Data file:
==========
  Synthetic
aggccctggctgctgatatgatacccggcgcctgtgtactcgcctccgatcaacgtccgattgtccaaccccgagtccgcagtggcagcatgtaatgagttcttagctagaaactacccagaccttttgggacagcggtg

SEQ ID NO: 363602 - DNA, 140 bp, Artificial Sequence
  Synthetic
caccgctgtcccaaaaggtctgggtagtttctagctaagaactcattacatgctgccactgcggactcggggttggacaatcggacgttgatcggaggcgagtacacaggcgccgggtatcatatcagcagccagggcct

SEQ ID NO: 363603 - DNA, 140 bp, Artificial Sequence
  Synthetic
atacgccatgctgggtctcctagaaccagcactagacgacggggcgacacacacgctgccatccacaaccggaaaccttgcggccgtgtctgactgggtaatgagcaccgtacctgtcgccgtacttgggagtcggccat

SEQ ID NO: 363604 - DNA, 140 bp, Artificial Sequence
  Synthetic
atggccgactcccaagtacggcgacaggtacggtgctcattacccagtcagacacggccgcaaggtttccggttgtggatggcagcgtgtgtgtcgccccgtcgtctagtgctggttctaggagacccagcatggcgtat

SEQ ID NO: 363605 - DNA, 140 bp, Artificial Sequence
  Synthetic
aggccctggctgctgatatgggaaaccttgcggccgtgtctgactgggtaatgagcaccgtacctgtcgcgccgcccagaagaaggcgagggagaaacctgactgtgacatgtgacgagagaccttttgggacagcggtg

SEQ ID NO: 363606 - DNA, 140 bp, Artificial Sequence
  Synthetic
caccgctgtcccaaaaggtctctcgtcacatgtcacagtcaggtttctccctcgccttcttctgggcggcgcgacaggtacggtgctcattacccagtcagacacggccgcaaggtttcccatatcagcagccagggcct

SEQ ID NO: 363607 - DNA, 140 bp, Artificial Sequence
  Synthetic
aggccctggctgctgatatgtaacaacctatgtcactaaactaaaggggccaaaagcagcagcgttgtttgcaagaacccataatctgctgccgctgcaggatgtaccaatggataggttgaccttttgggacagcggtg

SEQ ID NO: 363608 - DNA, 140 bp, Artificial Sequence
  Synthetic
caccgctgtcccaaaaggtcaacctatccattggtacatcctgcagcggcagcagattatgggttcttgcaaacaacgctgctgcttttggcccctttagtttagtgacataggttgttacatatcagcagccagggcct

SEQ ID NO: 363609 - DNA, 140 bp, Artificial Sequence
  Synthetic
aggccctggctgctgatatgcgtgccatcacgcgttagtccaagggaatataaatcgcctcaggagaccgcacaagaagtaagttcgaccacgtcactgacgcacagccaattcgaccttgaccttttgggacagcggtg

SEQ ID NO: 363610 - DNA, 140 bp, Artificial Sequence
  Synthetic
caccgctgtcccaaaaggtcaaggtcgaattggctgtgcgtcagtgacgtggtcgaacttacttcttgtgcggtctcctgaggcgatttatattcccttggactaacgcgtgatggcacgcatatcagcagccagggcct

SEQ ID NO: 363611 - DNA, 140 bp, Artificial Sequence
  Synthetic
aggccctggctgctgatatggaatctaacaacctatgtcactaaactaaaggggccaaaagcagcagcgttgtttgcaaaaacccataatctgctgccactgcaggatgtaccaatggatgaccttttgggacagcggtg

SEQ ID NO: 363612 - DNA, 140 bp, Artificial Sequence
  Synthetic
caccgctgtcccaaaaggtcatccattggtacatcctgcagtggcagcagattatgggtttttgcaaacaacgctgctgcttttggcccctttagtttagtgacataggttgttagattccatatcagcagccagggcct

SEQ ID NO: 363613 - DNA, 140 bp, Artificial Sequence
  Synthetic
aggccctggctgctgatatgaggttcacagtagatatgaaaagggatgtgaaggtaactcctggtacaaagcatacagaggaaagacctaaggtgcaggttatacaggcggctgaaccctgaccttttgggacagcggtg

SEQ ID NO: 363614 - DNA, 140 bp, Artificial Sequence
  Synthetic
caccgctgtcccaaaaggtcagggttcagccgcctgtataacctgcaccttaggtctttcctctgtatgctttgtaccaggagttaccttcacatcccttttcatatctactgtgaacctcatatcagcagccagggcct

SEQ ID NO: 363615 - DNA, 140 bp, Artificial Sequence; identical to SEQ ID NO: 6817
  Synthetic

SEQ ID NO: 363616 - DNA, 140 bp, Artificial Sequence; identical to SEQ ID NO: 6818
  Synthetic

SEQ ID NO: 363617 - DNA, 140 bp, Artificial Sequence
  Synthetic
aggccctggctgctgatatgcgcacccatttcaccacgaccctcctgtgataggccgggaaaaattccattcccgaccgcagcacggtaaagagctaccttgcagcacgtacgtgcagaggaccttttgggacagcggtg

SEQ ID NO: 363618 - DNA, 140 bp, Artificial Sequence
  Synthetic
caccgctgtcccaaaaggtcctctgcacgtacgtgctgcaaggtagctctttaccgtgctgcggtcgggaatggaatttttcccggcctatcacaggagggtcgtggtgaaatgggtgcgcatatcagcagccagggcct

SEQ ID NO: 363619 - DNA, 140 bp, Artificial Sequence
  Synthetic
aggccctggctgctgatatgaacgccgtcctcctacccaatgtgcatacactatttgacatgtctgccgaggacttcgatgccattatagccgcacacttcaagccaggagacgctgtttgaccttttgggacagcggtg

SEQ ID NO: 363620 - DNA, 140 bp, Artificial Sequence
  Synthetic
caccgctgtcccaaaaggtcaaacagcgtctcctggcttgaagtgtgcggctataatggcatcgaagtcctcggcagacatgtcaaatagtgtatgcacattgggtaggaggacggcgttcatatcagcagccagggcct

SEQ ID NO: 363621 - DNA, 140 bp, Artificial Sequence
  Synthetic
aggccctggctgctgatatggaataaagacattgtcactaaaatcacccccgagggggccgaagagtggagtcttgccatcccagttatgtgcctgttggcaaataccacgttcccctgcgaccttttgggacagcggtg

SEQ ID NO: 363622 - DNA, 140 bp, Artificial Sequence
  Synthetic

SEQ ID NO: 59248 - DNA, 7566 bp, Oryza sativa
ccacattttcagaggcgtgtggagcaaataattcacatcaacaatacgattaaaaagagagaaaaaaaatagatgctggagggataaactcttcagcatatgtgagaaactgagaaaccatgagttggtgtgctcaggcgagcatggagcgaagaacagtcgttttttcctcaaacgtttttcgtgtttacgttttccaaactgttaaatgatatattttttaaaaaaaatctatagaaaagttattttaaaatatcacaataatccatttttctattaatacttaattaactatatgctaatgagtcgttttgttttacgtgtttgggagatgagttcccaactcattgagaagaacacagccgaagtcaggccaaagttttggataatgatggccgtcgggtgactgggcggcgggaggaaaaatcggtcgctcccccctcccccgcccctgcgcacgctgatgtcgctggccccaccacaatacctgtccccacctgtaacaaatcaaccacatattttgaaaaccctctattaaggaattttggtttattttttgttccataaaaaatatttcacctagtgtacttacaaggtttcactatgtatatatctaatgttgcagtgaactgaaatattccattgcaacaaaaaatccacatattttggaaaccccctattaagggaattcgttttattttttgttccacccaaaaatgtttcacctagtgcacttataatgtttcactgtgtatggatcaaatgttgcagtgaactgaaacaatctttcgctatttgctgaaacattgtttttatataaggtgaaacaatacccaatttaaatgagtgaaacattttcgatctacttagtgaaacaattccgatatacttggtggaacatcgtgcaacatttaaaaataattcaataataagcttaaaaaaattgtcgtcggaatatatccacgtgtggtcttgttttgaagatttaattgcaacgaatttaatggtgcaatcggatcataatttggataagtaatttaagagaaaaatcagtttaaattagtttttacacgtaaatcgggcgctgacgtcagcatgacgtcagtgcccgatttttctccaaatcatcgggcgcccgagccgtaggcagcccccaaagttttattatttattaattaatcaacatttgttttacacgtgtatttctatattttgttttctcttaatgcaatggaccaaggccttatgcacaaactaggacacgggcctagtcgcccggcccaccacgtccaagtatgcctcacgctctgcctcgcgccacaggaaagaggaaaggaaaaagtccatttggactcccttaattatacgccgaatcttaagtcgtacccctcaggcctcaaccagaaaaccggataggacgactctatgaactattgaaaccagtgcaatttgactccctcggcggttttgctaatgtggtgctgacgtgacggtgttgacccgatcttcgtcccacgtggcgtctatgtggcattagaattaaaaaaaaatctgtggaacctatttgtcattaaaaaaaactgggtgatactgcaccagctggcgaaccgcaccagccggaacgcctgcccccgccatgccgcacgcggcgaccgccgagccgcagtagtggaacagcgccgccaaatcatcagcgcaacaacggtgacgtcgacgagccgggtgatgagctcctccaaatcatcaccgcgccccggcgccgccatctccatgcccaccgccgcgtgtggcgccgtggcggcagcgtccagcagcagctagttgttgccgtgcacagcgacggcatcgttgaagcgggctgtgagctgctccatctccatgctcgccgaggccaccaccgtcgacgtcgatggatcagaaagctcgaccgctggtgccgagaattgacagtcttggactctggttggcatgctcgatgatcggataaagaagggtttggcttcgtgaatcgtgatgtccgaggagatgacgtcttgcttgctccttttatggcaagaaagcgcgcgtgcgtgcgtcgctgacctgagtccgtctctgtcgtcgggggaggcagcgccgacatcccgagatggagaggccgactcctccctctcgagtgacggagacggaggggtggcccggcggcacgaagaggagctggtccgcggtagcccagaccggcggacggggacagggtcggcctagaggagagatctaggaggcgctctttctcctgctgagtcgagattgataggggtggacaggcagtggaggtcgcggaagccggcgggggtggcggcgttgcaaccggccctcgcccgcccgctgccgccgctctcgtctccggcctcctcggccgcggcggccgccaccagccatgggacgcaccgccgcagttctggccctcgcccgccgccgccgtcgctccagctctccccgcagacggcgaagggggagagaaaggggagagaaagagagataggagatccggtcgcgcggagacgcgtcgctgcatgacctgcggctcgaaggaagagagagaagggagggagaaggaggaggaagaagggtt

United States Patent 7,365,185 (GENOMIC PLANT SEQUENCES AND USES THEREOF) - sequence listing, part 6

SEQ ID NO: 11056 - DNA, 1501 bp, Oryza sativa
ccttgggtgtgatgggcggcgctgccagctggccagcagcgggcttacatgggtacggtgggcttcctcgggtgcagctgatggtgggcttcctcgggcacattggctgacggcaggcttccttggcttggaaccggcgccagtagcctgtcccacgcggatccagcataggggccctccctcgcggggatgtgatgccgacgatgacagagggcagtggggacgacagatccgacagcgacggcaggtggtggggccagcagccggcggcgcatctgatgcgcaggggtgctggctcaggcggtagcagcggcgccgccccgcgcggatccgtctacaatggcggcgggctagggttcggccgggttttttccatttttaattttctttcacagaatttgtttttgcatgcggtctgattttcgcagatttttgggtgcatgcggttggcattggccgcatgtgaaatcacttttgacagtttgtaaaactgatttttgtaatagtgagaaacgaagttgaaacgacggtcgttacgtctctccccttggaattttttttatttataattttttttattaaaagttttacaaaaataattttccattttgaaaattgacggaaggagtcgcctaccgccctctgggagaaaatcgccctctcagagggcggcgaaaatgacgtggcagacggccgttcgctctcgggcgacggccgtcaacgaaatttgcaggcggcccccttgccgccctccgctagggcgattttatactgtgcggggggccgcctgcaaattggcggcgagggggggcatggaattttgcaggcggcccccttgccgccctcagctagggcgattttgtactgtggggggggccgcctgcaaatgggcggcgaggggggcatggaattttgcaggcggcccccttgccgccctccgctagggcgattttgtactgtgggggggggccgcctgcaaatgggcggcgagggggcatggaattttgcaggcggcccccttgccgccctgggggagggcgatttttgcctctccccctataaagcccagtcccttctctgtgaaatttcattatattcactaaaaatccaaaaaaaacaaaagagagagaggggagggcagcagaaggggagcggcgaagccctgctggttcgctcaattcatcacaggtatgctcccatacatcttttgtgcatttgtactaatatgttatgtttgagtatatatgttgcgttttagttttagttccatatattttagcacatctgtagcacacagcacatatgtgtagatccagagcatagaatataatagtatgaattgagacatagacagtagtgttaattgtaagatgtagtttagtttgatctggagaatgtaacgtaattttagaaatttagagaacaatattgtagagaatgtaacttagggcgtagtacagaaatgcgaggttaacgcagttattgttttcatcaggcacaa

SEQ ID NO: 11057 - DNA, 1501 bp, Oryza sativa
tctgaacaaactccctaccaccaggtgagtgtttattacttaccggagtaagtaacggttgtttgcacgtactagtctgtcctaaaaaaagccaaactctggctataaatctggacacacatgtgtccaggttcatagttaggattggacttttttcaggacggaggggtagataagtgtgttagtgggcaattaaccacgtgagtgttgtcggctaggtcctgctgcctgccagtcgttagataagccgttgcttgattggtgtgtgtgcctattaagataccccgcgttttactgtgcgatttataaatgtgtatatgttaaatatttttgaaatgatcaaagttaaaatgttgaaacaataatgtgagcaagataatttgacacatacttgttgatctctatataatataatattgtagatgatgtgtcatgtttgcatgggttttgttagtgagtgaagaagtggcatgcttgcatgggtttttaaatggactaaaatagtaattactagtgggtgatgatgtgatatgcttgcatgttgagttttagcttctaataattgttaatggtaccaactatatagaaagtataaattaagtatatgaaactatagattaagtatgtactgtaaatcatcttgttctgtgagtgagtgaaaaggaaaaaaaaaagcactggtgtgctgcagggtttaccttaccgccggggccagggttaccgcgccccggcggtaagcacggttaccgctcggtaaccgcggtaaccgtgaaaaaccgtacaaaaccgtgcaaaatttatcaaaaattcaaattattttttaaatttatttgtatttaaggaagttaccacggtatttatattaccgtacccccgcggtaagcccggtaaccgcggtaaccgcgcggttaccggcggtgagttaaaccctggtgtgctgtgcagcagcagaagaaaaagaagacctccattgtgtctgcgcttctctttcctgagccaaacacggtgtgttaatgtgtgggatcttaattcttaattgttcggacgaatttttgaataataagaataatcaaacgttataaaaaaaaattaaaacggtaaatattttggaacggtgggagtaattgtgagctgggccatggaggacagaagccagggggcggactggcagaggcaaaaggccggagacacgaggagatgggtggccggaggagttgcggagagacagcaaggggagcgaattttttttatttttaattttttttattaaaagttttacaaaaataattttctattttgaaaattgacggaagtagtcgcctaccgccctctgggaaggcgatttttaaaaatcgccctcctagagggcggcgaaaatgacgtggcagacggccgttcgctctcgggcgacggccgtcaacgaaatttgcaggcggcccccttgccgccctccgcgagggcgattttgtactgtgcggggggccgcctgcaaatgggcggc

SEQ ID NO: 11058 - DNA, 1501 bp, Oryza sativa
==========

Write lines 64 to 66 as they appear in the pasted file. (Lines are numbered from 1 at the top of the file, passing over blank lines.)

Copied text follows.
ccacattttcagaggcgtgtggagcaaataattcacatcaacaatacgattaaaaagagagaaaaaaaatagatgctggagggataaactcttcagcatatgtgagaaactgagaaaccatgagttggtgtgctcaggcgagcatggagcgaagaacagtcgttttttcctcaaacgtttttcgtgtttacgttttccaaactgttaaatgatatattttttaaaaaaaatctatagaaaagttattttaaaatatcacaataatccatttttctattaatacttaattaactatatgctaatgagtcgttttgttttacgtgtttgggagatgagttcccaactcattgagaagaacacagccgaagtcaggccaaagttttggataatgatggccgtcgggtgactgggcggcgggaggaaaaatcggtcgctcccccctcccccgcccctgcgcacgctgatgtcgctggccccaccacaatacctgtccccacctgtaacaaatcaaccacatattttgaaaaccctctattaaggaattttggtttattttttgttccataaaaaatatttcacctagtgtacttacaaggtttcactatgtatatatctaatgttgcagtgaactgaaatattccattgcaacaaaaaatccacatattttggaaaccccctattaagggaattcgttttattttttgttccacccaaaaatgtttcacctagtgcacttataatgtttcactgtgtatggatcaaatgttgcagtgaactgaaacaatctttcgctatttgctgaaacattgtttttatataaggtgaaacaatacccaatttaaatgagtgaaacattttcgatctacttagtgaaacaattccgatatacttggtggaacatcgtgcaacatttaaaaataattcaataataagcttaaaaaaattgtcgtcggaatatatccacgtgtggtcttgttttgaagatttaattgcaacgaatttaatggtgcaatcggatcataatttggataagtaatttaagagaaaaatcagtttaaattagtttttacacgtaaatcgggcgctgacgtcagcatgacgtcagtgcccgatttttctccaaatcatcgggcgcccgagccgtaggcagcccccaaagttttattatttattaattaatcaacatttgttttacacgtgtatttctatattttgttttctcttaatgcaatggaccaaggccttatgcacaaactaggacacgggcctagtcgcccggcccaccacgtccaagtatgcctcacgctctgcctcgcgccacaggaaagaggaaaggaaaaagtccatttggactcccttaattatacgccgaatcttaagtcgtacccctcaggcctcaaccagaaaaccggataggacgactctatgaactattgaaaccagtgcaatttgactccctcggcggttttgctaatgtggtgctgacgtgacggtgttgacccgatcttcgtcccacgtggcgtctatgtggcattagaattaaaaaaaaatctgtggaacctatttgtcattaaaaaaaactgggtgatactgcaccagctggcgaaccgcaccagccggaacgcctgcccccgccatgccgcacgcggcgaccgccgagccgcagtagtggaacagcgccgccaaatcatcagcgcaacaacggtgacgtcgacgagccgggtgatgagctcctccaaatcatcaccgcgccccggcgccgccatctccatgcccaccgccgcgtgtggcgccgtggcggcagcgtccagcagcagctagttgttgccgtgcacagcgacggcatcgttgaagcgggctgtgagctgctccatctccatgctcgccgaggccaccaccgtcgacgtcgatggatcagaaagctcgaccgctggtgccgagaattgacagtcttggactctggttggcatgctcgatgatcggataaagaagggtttggcttcgtgaatcgtgatgtccgaggagatgacgtcttgcttgctccttttatggcaagaaagcgcgcgtgcgtgcgtcgctgacctgagtccgtctctgtcgtcgggggaggcagcgccgacatcccgagatggagaggccgactcctccctctcgagtgacggagacggaggggtggcccggcggcacgaagaggagctggtccgcggtagcccagaccggcggacggggacagggtcggcctagaggagagatctaggaggcgctctttctcctgctgagtcgagattgataggggtggacaggcagtggaggtcgcggaagccggcgggggtggcggcgttgcaaccggccctcgcccgcccgctgccgccgctctcgtctccggcctcctcggccgcggcggccgccaccagccatgggacgcaccgccgcagttctggccctcgcccgccgccgccgtcgctccagctctccccgcagacggcgaagggggagagaaaggggagagaaagagagataggagatccggtcgcgcggagacgcgtcgctgcatgacctgcggctcgaaggaagagagagaagggagggagaaggaggaggaagaagggtt

United States Patent 7,365,185 (GENOMIC PLANT SEQUENCES AND USES THEREOF) - sequence listing, part 6

SEQ ID NO: 11056 - DNA, 1501 bp, Oryza sativa